Rashmi Sinha is cofounder and CEO of SlideShare, the world’s largest community for sharing presentations. She manages design and business development at SlideShare. Previously, she founded Uzanto, a user experience software company, that worked with companies like eBay, iFilm, AAA and Blue Shield. She also lead the team that created MindCanvas, a rich online survey platform for customer research. Rashmi has a PhD in Cognitive Neuropsychology from Brown University. She did a PostDoc at UC Berkeley in Human Computer Interaction. She blogs at www.rashmisinha.com about social software and running a startup.
Geetesh: Tell us how the idea of The World’s Best Presentation Contest evolved.
Rashmi: The idea of the contest came from Guy Kawasaki. We had toyed about with the idea of a contest earlier. I met Guy at a conference and he mentioned that he had always wanted to organize a PowerPoint contest. We continue talking and discussed several ideas before finalizing on the World’s Best Presentation idea. It was Guy’s idea to keep it general (not focused on any one topic) and not limit to slidecasts (slides audio) which we considered at one point.
Geetesh: How is this contest being held in 2008 different from the previous one.
Rashmi: The 2008 contest is bigger – 1670 entries so far compared to 400 last week. Partly its simply because SlideShare has grown. But also, the results of the contest last year captured the imagination of many people and this year they have decided to participate as well.
Also, we were inspired by global contests and events like Oscars and Olympics. We really wanted a sense of scale (all the world participating), but we also wanted an openness that you can only have on the internet (anyone with a computer and internet connection can participate). PowerPoint is a people’s medium. We wanted a people’s contest.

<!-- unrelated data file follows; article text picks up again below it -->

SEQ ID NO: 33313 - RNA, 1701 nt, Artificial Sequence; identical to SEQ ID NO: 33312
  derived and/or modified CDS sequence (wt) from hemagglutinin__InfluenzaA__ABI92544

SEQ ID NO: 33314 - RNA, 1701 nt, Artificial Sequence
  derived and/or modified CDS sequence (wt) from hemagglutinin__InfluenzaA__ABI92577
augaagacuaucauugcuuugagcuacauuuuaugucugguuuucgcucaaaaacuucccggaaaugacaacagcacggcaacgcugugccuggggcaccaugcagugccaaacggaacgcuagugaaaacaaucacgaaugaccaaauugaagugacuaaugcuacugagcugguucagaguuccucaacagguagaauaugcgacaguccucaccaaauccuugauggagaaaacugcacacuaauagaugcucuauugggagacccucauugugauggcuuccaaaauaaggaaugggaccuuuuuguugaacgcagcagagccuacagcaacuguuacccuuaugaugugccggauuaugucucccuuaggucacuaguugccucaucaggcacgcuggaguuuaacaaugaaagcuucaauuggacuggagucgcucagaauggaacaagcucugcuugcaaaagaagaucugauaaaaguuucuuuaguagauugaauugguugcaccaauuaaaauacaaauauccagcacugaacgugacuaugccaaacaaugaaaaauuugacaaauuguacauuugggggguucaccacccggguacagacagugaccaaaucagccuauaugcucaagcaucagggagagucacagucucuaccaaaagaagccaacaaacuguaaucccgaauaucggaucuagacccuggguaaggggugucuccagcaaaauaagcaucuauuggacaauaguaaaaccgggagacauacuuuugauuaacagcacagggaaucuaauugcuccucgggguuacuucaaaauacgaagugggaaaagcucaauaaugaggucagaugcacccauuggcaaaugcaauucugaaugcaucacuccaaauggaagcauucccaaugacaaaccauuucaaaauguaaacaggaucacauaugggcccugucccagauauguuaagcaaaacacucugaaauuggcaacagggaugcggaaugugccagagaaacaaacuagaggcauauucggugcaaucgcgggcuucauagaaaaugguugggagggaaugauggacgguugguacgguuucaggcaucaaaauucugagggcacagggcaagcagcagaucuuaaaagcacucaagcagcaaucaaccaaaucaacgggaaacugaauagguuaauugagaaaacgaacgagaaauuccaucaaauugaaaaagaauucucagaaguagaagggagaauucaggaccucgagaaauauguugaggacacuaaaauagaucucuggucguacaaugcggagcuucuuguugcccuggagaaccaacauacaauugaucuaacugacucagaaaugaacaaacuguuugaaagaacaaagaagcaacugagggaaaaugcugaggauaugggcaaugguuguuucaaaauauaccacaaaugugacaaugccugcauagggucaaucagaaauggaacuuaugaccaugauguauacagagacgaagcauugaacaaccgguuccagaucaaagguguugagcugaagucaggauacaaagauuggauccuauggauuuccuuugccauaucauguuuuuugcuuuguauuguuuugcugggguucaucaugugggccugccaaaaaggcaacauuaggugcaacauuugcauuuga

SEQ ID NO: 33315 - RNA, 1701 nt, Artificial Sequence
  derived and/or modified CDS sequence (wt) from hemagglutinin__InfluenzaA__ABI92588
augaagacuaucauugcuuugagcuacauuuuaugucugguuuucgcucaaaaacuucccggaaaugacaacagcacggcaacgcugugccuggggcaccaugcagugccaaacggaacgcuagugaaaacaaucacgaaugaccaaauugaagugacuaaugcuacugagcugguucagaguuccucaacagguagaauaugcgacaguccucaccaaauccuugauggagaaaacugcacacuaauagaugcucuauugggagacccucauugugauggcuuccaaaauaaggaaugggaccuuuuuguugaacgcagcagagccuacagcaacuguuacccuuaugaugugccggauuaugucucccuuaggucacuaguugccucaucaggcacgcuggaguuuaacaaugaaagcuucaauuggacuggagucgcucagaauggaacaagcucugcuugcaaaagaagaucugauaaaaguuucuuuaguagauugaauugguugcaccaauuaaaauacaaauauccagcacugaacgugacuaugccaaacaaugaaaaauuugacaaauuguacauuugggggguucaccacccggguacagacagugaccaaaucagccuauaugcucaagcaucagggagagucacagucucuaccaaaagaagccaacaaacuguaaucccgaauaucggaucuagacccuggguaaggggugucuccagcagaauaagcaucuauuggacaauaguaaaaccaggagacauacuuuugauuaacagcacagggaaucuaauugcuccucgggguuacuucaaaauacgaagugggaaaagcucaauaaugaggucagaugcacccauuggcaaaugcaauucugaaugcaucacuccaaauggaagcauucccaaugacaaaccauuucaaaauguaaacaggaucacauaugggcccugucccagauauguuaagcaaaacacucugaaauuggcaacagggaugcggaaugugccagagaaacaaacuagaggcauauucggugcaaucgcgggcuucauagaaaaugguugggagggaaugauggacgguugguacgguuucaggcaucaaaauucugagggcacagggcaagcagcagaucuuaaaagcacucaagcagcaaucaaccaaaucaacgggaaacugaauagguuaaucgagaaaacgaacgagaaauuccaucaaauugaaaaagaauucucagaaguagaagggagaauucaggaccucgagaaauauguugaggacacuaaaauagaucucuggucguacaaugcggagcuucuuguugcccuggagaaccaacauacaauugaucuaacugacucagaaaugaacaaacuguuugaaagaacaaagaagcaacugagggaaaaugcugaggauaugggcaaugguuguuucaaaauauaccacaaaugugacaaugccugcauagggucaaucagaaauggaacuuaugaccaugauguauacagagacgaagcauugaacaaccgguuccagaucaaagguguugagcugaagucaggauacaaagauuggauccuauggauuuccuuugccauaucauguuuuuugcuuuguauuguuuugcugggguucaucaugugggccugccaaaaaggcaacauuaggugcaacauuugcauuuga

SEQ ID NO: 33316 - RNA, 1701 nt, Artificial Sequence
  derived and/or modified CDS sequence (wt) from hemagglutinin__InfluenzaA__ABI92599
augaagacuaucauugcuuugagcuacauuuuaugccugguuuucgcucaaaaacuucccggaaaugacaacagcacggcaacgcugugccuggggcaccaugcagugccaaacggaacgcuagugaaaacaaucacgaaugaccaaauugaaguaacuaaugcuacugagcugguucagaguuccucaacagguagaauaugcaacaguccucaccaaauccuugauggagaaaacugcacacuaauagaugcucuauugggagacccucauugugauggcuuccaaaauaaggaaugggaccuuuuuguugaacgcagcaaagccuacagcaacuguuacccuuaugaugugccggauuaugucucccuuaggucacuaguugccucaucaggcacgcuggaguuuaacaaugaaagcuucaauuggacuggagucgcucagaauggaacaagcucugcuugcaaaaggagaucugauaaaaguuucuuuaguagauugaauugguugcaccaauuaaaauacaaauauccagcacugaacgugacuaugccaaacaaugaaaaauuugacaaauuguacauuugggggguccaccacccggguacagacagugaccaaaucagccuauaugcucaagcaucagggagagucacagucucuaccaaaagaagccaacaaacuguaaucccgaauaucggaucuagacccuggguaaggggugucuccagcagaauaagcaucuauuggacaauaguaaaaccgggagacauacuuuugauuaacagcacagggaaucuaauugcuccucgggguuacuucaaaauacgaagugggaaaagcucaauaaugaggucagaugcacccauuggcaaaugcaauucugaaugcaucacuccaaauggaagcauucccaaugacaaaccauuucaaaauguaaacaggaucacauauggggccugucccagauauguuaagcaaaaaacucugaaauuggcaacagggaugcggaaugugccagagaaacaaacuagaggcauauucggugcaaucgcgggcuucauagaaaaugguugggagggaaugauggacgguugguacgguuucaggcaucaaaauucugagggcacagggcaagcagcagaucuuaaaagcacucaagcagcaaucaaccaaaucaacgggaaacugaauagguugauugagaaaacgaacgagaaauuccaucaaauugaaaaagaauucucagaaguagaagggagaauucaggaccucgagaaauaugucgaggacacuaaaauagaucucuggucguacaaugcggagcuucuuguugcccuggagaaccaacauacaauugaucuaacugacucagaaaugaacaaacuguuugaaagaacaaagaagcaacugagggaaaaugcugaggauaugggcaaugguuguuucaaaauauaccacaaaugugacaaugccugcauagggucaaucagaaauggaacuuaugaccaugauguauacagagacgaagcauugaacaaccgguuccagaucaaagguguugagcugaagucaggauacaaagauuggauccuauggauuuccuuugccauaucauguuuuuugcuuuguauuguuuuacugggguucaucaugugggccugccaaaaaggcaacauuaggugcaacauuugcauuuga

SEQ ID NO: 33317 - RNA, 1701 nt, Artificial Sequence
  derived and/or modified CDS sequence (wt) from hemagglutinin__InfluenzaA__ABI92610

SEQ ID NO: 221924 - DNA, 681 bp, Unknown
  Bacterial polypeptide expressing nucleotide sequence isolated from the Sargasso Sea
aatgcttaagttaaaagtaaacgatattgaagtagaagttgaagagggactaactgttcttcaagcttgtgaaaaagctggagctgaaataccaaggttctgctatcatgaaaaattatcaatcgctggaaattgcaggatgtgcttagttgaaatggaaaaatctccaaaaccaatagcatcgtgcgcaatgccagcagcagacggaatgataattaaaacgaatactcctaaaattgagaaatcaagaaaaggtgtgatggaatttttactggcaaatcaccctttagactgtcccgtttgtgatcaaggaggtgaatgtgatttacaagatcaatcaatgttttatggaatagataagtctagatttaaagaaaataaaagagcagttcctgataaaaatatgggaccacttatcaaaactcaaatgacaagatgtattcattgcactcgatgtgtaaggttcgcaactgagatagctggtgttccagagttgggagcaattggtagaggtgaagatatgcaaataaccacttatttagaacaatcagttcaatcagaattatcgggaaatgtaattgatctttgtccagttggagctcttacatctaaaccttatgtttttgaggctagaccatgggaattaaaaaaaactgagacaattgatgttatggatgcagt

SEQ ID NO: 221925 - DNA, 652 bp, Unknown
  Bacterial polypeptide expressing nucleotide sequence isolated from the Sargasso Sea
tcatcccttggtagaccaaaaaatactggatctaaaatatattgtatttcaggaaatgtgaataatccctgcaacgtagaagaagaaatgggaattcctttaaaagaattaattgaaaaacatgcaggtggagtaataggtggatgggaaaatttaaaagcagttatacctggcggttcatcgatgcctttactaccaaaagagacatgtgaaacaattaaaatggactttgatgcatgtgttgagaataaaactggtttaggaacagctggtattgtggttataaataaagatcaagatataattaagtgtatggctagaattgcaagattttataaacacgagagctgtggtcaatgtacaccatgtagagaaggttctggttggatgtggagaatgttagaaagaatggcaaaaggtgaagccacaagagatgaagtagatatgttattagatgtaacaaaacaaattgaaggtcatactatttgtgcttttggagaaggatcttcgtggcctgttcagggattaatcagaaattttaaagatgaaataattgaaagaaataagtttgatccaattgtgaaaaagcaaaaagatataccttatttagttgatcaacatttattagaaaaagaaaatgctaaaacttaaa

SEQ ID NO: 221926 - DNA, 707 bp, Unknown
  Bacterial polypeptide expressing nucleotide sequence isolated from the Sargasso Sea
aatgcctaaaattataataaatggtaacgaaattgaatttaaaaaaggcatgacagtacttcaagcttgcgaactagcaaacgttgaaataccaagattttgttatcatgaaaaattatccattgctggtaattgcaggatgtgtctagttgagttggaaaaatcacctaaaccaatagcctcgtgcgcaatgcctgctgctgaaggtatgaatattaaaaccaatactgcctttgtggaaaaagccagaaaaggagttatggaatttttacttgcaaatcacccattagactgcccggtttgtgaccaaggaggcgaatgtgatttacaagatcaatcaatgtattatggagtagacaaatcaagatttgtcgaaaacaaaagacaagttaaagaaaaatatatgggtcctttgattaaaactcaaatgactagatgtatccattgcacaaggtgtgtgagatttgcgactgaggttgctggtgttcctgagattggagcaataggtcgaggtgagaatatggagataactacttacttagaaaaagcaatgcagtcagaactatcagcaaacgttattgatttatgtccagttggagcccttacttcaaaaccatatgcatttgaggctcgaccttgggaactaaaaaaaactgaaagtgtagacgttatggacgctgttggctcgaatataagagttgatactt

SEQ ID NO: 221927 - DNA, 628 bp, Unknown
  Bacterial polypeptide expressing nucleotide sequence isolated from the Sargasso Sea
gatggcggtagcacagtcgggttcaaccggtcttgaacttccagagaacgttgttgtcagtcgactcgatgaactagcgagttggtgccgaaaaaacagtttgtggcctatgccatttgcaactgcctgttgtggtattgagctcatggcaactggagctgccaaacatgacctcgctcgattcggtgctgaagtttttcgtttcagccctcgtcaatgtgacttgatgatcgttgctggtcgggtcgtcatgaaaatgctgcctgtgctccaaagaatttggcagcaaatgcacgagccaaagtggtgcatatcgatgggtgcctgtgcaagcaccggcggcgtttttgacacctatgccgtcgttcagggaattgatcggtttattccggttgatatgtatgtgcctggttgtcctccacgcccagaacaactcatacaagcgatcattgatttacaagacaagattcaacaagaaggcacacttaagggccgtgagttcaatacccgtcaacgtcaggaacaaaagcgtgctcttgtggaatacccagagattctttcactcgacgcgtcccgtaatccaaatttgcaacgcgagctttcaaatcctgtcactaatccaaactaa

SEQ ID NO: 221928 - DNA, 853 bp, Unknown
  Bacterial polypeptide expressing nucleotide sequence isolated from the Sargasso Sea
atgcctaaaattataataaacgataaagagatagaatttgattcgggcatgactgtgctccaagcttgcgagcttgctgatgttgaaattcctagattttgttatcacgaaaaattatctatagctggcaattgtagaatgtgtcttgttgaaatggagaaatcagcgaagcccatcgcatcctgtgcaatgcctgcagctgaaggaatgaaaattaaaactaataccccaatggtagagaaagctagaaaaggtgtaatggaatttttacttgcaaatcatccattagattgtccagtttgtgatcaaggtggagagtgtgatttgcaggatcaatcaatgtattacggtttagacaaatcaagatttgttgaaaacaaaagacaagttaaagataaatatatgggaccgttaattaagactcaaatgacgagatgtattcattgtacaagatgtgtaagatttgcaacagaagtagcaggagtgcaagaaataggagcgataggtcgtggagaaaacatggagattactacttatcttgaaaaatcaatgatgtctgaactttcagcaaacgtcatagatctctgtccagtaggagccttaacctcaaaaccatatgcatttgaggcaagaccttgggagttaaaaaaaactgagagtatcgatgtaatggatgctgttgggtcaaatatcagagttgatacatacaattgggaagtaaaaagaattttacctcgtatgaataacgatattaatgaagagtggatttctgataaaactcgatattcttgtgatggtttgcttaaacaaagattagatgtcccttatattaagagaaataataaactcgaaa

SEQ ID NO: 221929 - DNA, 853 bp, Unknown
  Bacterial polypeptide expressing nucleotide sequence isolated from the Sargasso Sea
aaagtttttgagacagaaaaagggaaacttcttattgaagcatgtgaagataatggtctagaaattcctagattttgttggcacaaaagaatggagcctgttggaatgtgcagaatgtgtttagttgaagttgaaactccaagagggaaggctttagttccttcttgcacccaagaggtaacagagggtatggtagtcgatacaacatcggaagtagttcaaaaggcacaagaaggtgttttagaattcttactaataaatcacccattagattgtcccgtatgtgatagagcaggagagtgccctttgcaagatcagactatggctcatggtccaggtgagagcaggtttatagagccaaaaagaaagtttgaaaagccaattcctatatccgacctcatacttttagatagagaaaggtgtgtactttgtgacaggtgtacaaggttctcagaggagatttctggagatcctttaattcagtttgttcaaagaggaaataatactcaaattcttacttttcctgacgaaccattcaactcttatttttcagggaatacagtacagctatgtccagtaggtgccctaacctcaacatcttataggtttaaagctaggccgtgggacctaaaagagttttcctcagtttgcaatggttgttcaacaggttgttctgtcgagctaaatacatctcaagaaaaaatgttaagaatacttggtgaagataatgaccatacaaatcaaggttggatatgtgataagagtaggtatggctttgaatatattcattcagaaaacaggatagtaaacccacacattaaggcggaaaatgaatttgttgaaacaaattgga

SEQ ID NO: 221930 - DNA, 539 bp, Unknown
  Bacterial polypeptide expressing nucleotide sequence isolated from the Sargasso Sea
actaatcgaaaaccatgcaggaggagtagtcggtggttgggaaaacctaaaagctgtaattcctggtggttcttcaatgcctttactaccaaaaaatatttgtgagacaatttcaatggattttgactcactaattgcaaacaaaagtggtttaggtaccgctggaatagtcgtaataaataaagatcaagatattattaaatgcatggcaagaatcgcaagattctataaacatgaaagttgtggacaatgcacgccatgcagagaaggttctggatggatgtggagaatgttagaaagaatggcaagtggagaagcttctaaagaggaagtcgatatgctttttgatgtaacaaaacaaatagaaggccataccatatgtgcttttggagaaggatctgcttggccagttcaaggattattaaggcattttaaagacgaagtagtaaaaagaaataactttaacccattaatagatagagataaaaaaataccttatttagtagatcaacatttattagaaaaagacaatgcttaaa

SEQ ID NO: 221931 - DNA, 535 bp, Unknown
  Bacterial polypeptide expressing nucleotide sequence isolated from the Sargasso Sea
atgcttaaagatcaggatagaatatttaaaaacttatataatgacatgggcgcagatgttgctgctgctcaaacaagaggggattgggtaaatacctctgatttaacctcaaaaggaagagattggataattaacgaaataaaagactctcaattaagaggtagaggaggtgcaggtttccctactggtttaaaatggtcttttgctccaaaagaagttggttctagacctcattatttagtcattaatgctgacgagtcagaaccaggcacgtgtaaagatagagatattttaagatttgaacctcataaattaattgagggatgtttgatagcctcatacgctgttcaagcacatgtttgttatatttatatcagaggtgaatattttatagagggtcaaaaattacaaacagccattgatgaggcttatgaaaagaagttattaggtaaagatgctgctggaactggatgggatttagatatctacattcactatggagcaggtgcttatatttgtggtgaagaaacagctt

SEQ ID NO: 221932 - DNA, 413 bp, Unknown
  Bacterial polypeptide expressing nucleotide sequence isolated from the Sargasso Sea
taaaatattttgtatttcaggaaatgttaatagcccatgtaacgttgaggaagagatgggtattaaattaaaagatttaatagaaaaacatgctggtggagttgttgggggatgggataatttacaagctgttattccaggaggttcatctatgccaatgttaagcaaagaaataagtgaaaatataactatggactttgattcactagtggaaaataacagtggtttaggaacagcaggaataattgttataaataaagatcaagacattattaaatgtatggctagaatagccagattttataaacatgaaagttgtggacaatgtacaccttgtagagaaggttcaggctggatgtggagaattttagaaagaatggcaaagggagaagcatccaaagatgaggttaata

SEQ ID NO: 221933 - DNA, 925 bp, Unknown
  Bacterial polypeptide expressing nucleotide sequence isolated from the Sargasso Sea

Its really great to see that come alive as the contest captures the imagination of people the world over. We see slideshows from all across the world. We see blog posts and Twitters from all across the world. Its really quite cool.
Also, we have six category prizes this year that we did not have last year. Finally, we have participants form many more countries (it is truly an international contest).
Geetesh: Tell us about some entries that you find unconventional, strange, funny, or just different.
Rashmi: Here are some interesting ones this time in the contest; one interesting trend is that last time, the contest was the first time — and so many of the entries were from the early adopters; this time the audience seems to be far more broad-based.
There’s a bunch of presentations on green, environment etc. and they are all very popular (getting lots of votes)
About a social issue
A love story